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 A close examination will be made to assess whether prices fixed for foreign-related transactions are equal to the normal prices fixed for uncontrolled transactions. Where any problem is found with transactions, efforts shall be made to collect information widely on the market and business for an appropriate assessment of the calculation method selected and comparable transaction, and adjustment for differences  To ensure the predictability of the corporation and to realise proper and smooth enforcement of transfer pricing taxation, the advance pricing agreements (APA) process shall be conducted in cases where an APA request regarding the transfer pricing mechanism (TPM) is submitted by the corporation, based on the contents of a mutual agreement related to the APA request (if there is any such agreement)  To solve international double taxation caused by transfer pricing taxation, it is important for the tax authorities of each country to share an understanding of transfer pricing. Therefore, an examination or APA review shall be conducted in an appropriate manner by referring to the OECD Transfer Pricing Guidelines as necessary.

CONSUMPTION TAX Japanese consumption tax, similar to European value added tax (VAT), is applied at the rate of 8% to the majority of goods and services consumed in Japan, including imports of goods and services. There are a number of exemptions, including the lease or sale of land, education, medical treatment and social welfare activities. Exports and certain specific services invoiced to nonresidents are 0% rated. The consumption tax rate is 8% (national consumption tax rate of 6.3% and local consumption tax rate of 1.7%). However, the consumption tax rate will increase up to 10% (including local consumption tax rate of 2.2%) from 1 April 2017. After 1 October 2015, all services through internet and other electrical methods from the registered companies located overseas are tax imposed the same as domestic companies (it is called “reverse charge”). REGISTRATION Vendors/service suppliers must register as consumption tax payers if they have taxable sales transactions in excess of JPY 10 million in the base period (two years before the current year). If the taxable sale in the base period is not more than JPY 10 million, the vendor/service supplier is able to elect whether or not they are treated as a consumption tax payer.

INCOME TAXES ON INDIVIDUALS RESIDENT/NON-RESIDENT STATUS Individuals are generally classified according to the period of their residence in Japan. TABLE 12 Residency status PERIOD OF RESIDENCE Up to 12 months 12 – 60 months More than 60 months

STATUS Non-resident Non-permanent resident Permanent resident

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Non-resident taxpayers are considered taxable on only their Japanese source income. Non-permanent resident taxpayers are taxable both on Japanese source income and part of the non-Japanese source income that is paid in and/or remitted to Japan. Permanent resident taxpayers are taxable on their worldwide income. NATIONAL INCOME TAX AND LOCAL INHABITANT TAX Individual taxes consist of national income tax and local inhabitant tax. The tax year is the calendar year beginning on 1 January. For local inhabitant tax, taxable income is based on the previous tax year’s income. NATIONAL INCOME TAX The rate of tax levied on an individual is determined by the individuals’ taxable income. As income increases, the marginal rate of tax increases (progressive tax rate). When calculating the net ordinary taxable income, a number of tax deductions are allowed to reduce taxable income. Tax deductions available for individuals include, but are not limited to:  Social insurance premiums paid to the Japanese government  Life insurance premiums  Earthquake insurance premiums  Charitable contributions  Qualified medical expenses  Deductions for dependents (dependent spouse, children over 16 years old)  Deduction for the elderly (over 70 years old)  Deduction for the disabled. TABLE 13 Individual tax rates – applied to the net of ordinary taxable income NET TAXABLE ORDINARY TAX RATE INCOME (JPY) 0 – 1,950,000 5% 1,950,000 – 3,300,000 10% 3,300,000 – 6,950,000 20% 6,950,000 – 9,000,000 23% 9,000,000 – 18,000,000 33% 40% 8,000,000-40,000,000 More than 40,000,000 45% Calculation: taxable income × tax rate – deduction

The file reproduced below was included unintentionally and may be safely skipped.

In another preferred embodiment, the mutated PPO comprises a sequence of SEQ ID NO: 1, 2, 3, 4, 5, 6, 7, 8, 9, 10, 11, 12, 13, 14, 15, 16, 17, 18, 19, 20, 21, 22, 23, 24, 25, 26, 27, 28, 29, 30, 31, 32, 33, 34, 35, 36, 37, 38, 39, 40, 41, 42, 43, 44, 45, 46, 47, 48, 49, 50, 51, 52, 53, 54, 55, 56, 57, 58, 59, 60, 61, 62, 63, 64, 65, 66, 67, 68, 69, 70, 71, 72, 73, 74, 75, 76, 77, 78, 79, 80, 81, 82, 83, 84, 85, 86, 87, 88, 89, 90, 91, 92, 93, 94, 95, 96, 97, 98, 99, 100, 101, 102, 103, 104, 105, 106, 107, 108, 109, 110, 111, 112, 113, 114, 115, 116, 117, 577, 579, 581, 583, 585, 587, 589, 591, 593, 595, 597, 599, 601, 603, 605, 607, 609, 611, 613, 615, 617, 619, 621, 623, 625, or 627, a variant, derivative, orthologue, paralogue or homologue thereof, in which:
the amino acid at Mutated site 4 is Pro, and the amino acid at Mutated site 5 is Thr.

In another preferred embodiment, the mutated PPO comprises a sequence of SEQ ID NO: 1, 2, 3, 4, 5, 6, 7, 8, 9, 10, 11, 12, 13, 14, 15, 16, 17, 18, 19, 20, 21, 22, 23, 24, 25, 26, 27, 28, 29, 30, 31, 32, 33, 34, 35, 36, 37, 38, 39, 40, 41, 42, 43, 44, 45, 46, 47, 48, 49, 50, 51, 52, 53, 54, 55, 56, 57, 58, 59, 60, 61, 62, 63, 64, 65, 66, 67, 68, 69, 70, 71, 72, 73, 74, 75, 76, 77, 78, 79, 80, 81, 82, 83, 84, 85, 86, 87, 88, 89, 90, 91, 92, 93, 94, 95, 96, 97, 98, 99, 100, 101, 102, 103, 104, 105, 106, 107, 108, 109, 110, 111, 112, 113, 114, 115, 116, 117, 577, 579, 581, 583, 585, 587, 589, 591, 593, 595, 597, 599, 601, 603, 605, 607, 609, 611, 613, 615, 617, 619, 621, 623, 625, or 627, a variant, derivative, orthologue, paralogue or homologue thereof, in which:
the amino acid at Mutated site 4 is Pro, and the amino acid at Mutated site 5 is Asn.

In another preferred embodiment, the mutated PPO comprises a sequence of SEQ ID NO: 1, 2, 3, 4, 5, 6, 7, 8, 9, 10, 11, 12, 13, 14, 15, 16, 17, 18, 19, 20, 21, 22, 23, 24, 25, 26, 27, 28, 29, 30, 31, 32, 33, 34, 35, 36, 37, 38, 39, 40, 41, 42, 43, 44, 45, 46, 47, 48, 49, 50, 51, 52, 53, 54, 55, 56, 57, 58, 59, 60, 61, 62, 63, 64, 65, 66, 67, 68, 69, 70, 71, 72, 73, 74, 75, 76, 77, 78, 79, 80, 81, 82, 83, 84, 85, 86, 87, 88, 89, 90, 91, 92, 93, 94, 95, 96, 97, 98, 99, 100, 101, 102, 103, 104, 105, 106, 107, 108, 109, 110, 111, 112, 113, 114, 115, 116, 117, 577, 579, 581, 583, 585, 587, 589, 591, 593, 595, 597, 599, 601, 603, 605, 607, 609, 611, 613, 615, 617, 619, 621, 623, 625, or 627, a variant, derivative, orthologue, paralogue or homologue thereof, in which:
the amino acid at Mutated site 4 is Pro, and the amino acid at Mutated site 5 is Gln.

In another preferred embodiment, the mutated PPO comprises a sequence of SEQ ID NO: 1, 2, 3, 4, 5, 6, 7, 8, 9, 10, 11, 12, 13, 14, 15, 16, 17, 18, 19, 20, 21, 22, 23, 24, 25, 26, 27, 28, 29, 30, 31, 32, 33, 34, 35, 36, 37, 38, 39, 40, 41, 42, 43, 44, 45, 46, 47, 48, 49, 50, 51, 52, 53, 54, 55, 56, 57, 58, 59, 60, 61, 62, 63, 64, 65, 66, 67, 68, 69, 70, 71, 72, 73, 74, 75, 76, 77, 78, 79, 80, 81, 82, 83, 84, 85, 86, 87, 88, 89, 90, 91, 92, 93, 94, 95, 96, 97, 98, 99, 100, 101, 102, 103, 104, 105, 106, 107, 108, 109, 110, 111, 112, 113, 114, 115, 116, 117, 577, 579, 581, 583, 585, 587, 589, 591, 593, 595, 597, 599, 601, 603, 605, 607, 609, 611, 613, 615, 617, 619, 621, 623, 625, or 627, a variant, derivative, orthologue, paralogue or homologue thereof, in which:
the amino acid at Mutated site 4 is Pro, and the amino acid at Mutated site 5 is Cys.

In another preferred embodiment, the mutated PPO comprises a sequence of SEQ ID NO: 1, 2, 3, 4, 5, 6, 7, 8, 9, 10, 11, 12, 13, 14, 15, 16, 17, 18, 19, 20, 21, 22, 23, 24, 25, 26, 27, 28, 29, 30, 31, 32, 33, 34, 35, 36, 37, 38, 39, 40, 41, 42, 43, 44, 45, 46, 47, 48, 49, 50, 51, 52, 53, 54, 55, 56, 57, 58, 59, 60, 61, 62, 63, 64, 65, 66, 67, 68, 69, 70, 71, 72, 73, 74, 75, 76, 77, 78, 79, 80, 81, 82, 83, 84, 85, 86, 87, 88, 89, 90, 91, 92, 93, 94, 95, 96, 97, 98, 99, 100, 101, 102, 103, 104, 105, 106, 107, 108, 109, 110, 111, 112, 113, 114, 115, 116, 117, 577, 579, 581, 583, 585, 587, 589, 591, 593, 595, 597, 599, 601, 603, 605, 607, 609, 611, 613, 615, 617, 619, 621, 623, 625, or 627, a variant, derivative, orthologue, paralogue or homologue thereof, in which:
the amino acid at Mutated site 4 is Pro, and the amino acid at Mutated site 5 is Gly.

DEDUCTION (JPY) 97,500 427,500 636,000 1,536,000 2,796,000 4,796,000

SPECIAL RECONSTRUCTION INCOME TAX Special Reconstruction Income Tax was introduced under the ‘Act on Special Measures for Reconstruction Funding’. Special Reconstruction Income Tax will be imposed on individuals for 25 years (i.e. from 2013 to 2037) as additional 2.1% of its individual tax amount.

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LOCAL INHABITANT TAX Local inhabitant tax consists of an ‘income-based levy’ and ‘per-capita levy’. The tax rate of the income-based levy is 10% standard rate regardless of the amount of taxable income. As described above, taxable income for local inhabitant tax is based on the previous tax year’s income. The standard amount of ‘per capita levy’ is JPY 3,500 per capita for municipal inhabitant tax and JPY 1,500 for prefectural inhabitant tax. CAPITAL GAINS Capital gains from real estate realised by individuals are subject to tax separately from ordinary income and are classified as:  Short-term capital gains (for real estate held less than five years) are taxable at a 30% income tax rate and a 9% inhabitant tax rate  Long term capital gains (for real estate held more than five years) are taxable at a 15% income tax rate and 5% inhabitant tax rate. In the case of the sale of the individual’s residence, certain tax advantages are available (i.e. special deductions, loss carry-forward and a lower tax rate). STAMP DUTY Stamp duties are imposed on taxable documents, such as contracts and legal documents. They are imposed in the range of JYP 200–600,000.